Soviet uniform designs changed frequently. There were major changes, often involving new cuts and styles, and minor changes, usually involving only minor variations to uniform insignia. Major uniform changes yielded the different uniform classes. Each uniform class will be discussed separately. Minor changes occurring after the introduction of a new class will be discussed within that section. It is important to note that not all major changes affected all rank groupings or uniform classes. For example, there is no Enlisted Field or Service uniform in the 1955 or 1958 uniform class. The Enlisted Service uniform from the 1943 family remained in use, with minor variations, until 1969! (The uniform classes for the Soviet state security organs are: M22, M24, M35, M37, M40, M43, M45, M55, M58, & M69.)

Uniform types also differ according to arm and branch of service. In the late Soviet era (1970s-80s) there were 9 main arms for the armed forces: 5 for the Ministry of Defence (Strategic Rocket Forces, Ground Forces, Air Defence Forces, Air Force, & Navy); 2 for the MVD (Yroops & Militsia); and 2 for the KGB (State Security & Border Guards). Within each of these arms of service were several different branches. Uniform differences between the various arms and branches of service varied in scope. Some, like the navy, differed greatly form any other branch, while others did not. For example, the only difference between the M69 service uniforms of an artillery captain and an engineering captain was the brass collar tab device, the uniforms were identical for all other purposes. Some arms and branches did not have unique uniforms. For example, the Strategic Rocket Forces, Air Defence Forces and Military Intelligence Service (GRU) all lacked a distinct uniform or insignia, they used uniforms associated with other arms and branches.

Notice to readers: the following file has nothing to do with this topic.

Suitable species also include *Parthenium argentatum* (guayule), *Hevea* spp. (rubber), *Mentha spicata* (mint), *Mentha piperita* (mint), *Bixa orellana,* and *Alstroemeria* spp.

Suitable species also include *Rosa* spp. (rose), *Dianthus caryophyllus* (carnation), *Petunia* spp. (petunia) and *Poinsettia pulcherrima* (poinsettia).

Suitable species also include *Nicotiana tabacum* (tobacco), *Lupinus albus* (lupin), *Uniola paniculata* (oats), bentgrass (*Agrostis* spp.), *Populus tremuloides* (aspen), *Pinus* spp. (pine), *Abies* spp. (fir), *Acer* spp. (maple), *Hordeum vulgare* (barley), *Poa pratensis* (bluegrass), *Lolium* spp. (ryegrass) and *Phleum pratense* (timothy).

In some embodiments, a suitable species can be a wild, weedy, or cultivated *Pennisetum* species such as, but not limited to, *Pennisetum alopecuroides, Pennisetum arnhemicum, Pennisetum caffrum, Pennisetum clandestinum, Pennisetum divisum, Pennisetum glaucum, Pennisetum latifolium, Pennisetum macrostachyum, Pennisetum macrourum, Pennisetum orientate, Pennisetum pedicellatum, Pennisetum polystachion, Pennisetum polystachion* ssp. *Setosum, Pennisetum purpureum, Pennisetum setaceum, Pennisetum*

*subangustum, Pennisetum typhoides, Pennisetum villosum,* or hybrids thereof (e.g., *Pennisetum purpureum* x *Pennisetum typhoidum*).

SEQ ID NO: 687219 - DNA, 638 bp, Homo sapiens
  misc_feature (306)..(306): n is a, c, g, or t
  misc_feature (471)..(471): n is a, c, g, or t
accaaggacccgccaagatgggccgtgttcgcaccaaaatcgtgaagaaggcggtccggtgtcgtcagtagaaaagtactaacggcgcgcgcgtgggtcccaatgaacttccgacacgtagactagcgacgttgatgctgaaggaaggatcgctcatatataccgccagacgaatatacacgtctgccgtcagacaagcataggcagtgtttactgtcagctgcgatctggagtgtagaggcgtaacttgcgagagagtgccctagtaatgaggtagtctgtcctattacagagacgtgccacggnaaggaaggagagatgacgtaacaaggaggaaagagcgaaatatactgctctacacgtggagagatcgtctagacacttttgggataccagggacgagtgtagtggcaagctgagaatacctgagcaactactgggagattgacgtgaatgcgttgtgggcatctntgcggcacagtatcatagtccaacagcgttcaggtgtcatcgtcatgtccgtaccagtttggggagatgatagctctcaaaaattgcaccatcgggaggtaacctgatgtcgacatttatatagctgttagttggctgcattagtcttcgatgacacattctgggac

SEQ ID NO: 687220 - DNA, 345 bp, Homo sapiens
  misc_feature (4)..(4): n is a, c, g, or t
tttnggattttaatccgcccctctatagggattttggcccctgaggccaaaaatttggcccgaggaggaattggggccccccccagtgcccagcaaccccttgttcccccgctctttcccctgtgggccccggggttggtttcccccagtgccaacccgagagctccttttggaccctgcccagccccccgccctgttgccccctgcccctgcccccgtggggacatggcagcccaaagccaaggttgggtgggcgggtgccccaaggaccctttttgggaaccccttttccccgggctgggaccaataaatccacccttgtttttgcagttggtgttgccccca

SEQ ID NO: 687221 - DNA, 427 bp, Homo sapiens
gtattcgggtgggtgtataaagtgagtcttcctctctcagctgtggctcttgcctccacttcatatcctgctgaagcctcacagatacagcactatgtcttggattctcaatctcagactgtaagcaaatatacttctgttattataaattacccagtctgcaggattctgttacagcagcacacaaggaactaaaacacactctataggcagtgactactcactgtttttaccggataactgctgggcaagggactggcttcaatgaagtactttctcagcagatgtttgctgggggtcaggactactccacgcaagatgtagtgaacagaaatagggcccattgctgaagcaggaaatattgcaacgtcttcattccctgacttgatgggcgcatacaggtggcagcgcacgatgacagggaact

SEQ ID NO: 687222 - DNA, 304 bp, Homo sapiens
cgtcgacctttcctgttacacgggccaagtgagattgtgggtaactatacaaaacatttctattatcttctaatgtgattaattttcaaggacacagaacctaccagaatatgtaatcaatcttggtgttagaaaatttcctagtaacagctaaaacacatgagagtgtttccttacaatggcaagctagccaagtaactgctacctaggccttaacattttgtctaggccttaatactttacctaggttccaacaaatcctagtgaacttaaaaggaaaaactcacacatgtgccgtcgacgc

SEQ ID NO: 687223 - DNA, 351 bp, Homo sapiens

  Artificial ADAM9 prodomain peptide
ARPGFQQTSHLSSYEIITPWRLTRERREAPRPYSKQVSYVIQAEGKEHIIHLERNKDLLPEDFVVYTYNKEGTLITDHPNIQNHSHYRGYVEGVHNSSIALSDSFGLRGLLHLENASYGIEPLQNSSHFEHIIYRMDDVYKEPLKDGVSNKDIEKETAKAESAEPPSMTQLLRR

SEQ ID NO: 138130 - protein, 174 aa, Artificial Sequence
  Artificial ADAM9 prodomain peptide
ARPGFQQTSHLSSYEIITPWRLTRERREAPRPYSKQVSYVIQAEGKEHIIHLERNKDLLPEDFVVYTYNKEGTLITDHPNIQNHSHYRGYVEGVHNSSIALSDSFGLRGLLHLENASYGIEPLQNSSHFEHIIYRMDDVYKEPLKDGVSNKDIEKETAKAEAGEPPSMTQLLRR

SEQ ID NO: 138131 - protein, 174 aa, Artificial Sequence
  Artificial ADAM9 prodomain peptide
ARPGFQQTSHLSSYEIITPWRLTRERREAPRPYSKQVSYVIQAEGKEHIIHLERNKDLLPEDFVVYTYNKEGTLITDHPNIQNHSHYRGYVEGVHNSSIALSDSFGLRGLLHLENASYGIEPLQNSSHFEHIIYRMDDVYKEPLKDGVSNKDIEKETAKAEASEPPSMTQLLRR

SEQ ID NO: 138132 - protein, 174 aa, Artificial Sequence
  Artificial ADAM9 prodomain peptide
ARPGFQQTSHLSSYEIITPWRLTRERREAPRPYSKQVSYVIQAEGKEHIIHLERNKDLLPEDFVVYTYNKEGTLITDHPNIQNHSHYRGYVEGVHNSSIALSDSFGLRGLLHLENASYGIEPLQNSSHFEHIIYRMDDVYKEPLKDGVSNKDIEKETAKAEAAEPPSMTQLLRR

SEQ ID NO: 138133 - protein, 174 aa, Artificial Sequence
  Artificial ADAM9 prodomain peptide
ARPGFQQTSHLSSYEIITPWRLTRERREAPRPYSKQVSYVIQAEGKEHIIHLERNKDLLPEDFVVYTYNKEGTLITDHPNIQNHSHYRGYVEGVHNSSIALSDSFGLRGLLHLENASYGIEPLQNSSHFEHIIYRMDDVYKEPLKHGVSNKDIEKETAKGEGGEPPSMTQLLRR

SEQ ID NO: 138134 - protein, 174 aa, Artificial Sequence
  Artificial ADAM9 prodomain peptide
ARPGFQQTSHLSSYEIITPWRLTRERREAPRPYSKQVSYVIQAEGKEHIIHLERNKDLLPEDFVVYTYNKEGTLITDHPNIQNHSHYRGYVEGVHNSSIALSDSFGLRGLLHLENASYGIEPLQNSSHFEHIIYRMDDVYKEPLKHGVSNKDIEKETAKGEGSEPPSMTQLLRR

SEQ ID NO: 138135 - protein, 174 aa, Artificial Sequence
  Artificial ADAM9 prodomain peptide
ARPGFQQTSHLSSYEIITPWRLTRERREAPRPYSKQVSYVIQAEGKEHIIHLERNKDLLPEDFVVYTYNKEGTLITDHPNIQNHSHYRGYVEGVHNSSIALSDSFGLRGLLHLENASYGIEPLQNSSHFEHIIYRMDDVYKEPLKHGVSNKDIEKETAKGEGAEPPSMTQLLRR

In order to distinguish and discuss Soviet uniforms it is necessary to define several terms:

- Cut: refers to the cut or shape of the uniform article. It is generally used with tunics and includes such distinctions as pull-over vs. tunic, single-breasted vs. double-breasted, open-neck vs. closed-neck, turned-down collar vs. standing or high-collar, etc.

- Uniform Colour: is the colour of the uniform fabric or body. Examples include: khaki, olive, "wave" green, white, dark blue, steel grey, light grey, or a camouflage pattern.

- Branch Colour: is the colour associated with the arm or branch of service. It generally appears on the uniform as "trim" - hat bands, hat & uniform piping, shoulder board piping +/or stripes, collar tabs & sleeve patch background colour, etc. For example, the traditional colour long associated with the Border Guards is Forest Green. The colour associated with KGB State Security personnel is Royal Blue though before the KGB era both Royal Blue and Magenta were associated with state security personnel. (For more on this see the KGB Organization & Symbology page.)

- Branch of Service Insignia: generally refers to the small brass or aluminium devices found on collar tabs or shoulder boards. However, in some cases it includes special sleeve patches.

- Rank Insignia: includes a variety of insignia indicating rank such as shoulder board stripes and stars, collar tabs bars and sleeve devices (cloth shapes, chevrons and cuff spools).

In addition we have already defined several terms.

- Rank Grouping: Enlisted, Officer, & General.

- Uniform Class: Field, Service, & Parade.

Finally, it should be pointed out that many uniform items are shared by many or all arms and branches of service. Thus it is usually impossible to speak of such items as NKVD or KGB boots, belts, shirts, ties, gloves, field breeches, etc. The identical item was often used in all arms and branches. Unique state security uniform items are thus limited to items with some clearly identifying branch colour or insignia such as headgear, tunics, pants and breeches, coats, and shoulder boards, collar tabs and sleeve insignia and not even all of these items are always unique to state security organs. Collectors must be wary of material that is simply labelled NKVD or KGB. This website contains enough information to assist any collector in making a true identification.

A fake KGB sleeve patch made by an American company. This cloth and embroidery badge shows a fake version of the "Excellent KGB Employee" badge.